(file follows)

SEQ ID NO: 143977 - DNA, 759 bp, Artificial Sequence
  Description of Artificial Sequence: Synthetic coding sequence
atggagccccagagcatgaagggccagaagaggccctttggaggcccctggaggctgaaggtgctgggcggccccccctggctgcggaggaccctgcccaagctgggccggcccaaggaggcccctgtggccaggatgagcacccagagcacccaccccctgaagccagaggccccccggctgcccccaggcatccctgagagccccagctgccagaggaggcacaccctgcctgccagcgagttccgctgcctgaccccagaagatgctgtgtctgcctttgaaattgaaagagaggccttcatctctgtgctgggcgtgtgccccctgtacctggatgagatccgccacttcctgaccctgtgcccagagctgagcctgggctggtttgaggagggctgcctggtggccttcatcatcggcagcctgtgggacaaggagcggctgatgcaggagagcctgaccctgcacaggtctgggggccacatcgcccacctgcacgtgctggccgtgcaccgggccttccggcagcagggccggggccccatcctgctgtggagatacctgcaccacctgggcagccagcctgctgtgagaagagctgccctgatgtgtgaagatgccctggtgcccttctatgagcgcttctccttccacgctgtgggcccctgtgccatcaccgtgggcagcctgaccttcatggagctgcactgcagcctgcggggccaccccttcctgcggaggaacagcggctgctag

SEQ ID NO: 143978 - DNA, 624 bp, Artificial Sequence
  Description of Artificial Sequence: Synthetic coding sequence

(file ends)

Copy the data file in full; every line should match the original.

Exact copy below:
SEQ ID NO: 143977 - DNA, 759 bp, Artificial Sequence
  Description of Artificial Sequence: Synthetic coding sequence
atggagccccagagcatgaagggccagaagaggccctttggaggcccctggaggctgaaggtgctgggcggccccccctggctgcggaggaccctgcccaagctgggccggcccaaggaggcccctgtggccaggatgagcacccagagcacccaccccctgaagccagaggccccccggctgcccccaggcatccctgagagccccagctgccagaggaggcacaccctgcctgccagcgagttccgctgcctgaccccagaagatgctgtgtctgcctttgaaattgaaagagaggccttcatctctgtgctgggcgtgtgccccctgtacctggatgagatccgccacttcctgaccctgtgcccagagctgagcctgggctggtttgaggagggctgcctggtggccttcatcatcggcagcctgtgggacaaggagcggctgatgcaggagagcctgaccctgcacaggtctgggggccacatcgcccacctgcacgtgctggccgtgcaccgggccttccggcagcagggccggggccccatcctgctgtggagatacctgcaccacctgggcagccagcctgctgtgagaagagctgccctgatgtgtgaagatgccctggtgcccttctatgagcgcttctccttccacgctgtgggcccctgtgccatcaccgtgggcagcctgaccttcatggagctgcactgcagcctgcggggccaccccttcctgcggaggaacagcggctgctag

SEQ ID NO: 143978 - DNA, 624 bp, Artificial Sequence
  Description of Artificial Sequence: Synthetic coding sequence